An interview with The Next 48 Hours

by on 23.07.2013

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Q1: You became Cape Town Tourism CEO at the tender age of 28. Can you recall what you felt when you started, considering how young you were for a position of that responsibility?

I learnt a great deal through the establishment of my own business at 22 years of age, a business I started with not much more than passion and determination.

Leadership is determined by character, not age or gender. Women, in particular, often have to work twice as hard as our male colleagues to be taken seriously, whilst balancing our roles as leaders, women, wives and mothers, with care and sensitivity.

In a world where gender, age and race still influence success, I have discovered the power of embracing and celebrating my gender (and more recently, motherhood). But, it has been, and remains, a tough journey.

It’s a bit like being a city at the tip of an African continent with the odds stacked against it – long-haul, the legacy of apartheid and oppression still weighing heavily on her shoulders, a lack of infrastructure and a reputation as a slightly dangerous place to visit (whether true or not …) The fact that she is beautiful, unique, bold, free-spirited, complex, imaginative, incredibly creative, innovative, warm, friendly, sophisticated and unlike no other on Earth, has often been overlooked.

With only 6.6% of CEO positions in South Africa occupied by women, I am passionate about inspiring and empowering more women to be leaders. This doesn’t necessarily mean that a woman must be a CEO before she can lead and inspire.

I was overwhelmed by a sense of great responsibility, but also great excitement about the incredible opportunity I was given to help shape a new tourism destiny for Cape Town. Instinct, passion, transparency and surrounding myself with capable, equally passionate people has worked well for me. Importantly, I continue to learn every day and make sure to keep my feet firmly planted on Mother Earth.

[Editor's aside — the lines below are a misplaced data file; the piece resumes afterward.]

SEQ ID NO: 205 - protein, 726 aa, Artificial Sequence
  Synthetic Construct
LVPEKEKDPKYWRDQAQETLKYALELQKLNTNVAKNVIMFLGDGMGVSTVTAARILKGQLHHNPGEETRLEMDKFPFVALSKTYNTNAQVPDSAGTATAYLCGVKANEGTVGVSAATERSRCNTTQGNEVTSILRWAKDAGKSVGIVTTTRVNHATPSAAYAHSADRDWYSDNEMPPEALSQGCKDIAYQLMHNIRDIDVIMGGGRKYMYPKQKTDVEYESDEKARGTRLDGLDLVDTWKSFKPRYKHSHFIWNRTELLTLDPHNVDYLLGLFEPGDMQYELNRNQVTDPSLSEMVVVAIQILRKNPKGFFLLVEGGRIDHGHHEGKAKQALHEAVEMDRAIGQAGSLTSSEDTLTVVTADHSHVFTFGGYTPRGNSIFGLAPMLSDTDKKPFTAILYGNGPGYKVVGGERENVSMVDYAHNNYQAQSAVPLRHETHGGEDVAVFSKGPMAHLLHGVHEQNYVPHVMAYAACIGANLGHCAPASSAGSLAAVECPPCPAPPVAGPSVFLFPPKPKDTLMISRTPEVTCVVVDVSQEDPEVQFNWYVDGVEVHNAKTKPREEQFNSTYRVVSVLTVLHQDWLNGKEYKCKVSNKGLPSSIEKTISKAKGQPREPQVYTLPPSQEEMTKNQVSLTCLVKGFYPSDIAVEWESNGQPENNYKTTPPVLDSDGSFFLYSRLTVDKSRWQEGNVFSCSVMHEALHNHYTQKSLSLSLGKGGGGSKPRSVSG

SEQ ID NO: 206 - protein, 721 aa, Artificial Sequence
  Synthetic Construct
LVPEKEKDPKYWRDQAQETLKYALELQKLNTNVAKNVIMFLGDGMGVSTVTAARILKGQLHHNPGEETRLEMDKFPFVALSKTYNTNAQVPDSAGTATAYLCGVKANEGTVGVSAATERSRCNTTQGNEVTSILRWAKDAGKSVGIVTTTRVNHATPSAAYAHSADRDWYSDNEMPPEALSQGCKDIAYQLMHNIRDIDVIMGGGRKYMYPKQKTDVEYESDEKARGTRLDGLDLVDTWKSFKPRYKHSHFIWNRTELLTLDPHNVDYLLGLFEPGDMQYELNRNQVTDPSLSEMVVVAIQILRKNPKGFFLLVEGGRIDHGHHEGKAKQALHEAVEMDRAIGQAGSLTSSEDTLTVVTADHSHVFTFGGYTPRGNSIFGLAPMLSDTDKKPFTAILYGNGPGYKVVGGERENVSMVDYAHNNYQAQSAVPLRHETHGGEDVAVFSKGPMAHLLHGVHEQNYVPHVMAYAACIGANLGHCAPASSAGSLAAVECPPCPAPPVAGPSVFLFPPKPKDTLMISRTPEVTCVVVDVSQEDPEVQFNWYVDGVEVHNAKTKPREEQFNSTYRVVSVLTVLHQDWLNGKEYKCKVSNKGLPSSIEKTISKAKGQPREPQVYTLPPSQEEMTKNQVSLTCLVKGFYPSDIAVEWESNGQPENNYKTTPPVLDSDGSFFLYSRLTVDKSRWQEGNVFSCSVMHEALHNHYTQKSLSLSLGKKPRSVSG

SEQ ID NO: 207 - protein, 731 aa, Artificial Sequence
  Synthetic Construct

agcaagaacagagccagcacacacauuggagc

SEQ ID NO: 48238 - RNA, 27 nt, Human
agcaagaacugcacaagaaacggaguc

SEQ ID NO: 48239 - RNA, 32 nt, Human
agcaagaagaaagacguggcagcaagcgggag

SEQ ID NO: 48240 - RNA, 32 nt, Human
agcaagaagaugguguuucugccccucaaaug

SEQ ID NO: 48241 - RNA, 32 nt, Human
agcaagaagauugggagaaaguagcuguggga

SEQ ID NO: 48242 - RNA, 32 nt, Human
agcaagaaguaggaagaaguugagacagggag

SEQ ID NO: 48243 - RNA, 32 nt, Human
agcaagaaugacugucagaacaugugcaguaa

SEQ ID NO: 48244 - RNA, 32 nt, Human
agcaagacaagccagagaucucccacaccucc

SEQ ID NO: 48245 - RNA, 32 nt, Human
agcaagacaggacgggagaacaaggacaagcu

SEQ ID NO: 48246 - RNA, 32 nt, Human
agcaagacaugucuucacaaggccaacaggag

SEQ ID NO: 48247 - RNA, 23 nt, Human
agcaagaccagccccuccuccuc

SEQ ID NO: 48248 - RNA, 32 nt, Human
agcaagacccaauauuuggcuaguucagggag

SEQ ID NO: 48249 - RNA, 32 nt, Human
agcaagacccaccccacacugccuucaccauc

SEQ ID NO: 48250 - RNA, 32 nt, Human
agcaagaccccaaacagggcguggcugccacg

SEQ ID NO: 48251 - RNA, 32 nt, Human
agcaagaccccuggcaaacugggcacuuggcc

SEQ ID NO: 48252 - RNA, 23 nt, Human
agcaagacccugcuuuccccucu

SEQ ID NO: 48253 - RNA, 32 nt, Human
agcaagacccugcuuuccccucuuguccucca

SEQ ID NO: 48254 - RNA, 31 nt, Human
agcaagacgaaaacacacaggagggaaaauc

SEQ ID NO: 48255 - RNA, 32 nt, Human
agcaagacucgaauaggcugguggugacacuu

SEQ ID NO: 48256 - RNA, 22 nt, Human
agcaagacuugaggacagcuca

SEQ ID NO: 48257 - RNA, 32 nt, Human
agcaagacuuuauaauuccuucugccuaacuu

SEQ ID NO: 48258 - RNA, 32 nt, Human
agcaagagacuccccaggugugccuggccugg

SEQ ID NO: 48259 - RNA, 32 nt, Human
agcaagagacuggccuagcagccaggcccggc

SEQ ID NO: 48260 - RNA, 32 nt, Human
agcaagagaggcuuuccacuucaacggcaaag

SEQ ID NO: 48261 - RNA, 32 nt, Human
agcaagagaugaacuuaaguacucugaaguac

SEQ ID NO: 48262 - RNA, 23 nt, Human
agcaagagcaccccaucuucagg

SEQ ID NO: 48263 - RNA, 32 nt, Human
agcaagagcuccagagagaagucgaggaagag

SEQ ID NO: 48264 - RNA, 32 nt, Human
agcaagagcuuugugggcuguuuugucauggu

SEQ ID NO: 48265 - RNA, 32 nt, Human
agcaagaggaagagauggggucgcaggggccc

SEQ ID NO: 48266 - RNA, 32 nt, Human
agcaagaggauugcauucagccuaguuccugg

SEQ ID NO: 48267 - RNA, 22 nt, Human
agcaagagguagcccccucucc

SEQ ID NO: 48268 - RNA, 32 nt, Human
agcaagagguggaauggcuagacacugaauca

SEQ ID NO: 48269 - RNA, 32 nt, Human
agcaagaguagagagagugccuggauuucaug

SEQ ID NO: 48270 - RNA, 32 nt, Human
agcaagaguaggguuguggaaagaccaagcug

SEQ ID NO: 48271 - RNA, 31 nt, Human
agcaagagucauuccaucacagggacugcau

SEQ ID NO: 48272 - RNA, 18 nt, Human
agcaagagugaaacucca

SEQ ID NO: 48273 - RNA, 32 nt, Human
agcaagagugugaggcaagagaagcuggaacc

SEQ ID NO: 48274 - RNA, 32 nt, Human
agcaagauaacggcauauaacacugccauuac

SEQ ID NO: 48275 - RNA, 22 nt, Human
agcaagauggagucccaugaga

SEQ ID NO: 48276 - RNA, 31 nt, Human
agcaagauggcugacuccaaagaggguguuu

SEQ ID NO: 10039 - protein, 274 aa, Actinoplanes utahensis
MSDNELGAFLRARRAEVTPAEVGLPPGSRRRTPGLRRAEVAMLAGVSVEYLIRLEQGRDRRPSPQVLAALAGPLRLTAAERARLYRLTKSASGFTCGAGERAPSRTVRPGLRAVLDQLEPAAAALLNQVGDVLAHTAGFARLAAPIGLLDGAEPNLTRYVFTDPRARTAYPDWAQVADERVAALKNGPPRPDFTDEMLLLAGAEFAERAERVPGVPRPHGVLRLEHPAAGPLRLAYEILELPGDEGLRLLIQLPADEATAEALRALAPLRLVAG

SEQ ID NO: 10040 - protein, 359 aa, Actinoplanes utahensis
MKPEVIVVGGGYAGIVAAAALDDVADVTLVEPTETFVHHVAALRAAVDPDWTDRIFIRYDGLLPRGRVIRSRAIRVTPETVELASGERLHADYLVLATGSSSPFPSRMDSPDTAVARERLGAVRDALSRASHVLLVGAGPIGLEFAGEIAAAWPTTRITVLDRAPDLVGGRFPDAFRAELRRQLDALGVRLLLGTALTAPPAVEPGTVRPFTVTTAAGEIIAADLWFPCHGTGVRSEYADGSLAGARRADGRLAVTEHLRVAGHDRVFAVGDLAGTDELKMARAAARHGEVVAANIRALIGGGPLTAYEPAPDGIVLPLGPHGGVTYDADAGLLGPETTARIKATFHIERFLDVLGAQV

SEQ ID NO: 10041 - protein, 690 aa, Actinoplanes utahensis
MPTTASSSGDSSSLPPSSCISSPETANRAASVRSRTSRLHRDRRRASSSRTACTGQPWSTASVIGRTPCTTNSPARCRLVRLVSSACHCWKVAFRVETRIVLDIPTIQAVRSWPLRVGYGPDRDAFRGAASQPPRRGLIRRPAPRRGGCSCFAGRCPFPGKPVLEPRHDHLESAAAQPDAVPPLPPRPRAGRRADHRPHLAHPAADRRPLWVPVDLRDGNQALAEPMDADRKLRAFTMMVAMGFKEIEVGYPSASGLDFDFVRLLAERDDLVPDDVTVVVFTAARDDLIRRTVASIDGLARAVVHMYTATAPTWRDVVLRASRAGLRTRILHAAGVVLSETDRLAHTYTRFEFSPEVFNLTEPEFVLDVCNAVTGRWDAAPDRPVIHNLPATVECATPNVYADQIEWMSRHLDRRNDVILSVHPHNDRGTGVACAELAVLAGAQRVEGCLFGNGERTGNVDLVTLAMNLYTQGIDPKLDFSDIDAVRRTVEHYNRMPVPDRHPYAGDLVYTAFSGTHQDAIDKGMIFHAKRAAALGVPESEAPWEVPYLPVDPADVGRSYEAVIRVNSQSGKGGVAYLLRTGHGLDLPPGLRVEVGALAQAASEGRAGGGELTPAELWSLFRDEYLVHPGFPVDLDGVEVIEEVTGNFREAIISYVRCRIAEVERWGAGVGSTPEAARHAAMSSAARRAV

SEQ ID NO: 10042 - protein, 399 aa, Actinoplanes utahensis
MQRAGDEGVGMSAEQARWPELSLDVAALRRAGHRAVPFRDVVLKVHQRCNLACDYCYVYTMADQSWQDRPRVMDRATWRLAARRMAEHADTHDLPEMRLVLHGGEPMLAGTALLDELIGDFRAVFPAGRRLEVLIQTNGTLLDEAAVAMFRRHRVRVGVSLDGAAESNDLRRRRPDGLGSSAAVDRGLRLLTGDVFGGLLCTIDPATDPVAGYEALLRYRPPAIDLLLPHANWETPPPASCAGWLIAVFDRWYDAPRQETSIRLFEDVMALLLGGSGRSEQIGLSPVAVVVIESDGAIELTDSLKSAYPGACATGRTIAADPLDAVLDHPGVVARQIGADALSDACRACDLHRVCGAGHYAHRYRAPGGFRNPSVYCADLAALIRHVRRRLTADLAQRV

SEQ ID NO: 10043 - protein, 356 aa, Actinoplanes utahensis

Q2: What are some of your happiest memories of the past nine years?

Bringing together a very fragmented industry under one unified tourism organisation in 2004, will always be a highlight. The energy of the 2010 FIFA World Cup also stands out as a huge highlight for me. There was such optimism in Cape Town, and we were such fantastic hosts.

Q3: Nine years is a long time as the head of any organisation, but especially so in tourism, I would imagine. What are the biggest changes you have seen in the industry, especially with regards to how tourism is marketed?

Tourism has really changed over the past few years. We have witnessed both tremendous growth and change in the tourism sector during its post-apartheid boom years, and tougher times in the recent recession period. The advent of the Internet and access to new information technologies has generated a significant change in international tourist patterns that, coupled with the recent economic crisis, has resulted in the restatement of tourism models.

Travel, however, remains a priority for many – a desperately needed respite from the challenging world we live in.

Many hope for a “recovery”, but I maintain that tourism will never “recover”. This is not necessarily a bad thing. Why recover to a state that is no longer relevant?

Within the constantly changing and complex world we live in, many opportunities remain and I am optimistic that the sector will continue to grow if developed responsibly.

Travel from developing countries is on the increase and spending power now lies more and more with travellers from emerging markets. Chinese visitors, in particular, are big spenders in the luxury goods market.

Everywhere you look, travellers are changing – they are looking for urban getaways that offer authentic travel experiences where they can interact and connect with local cultures. The urban experience and a slice of life has become a key feature of travel.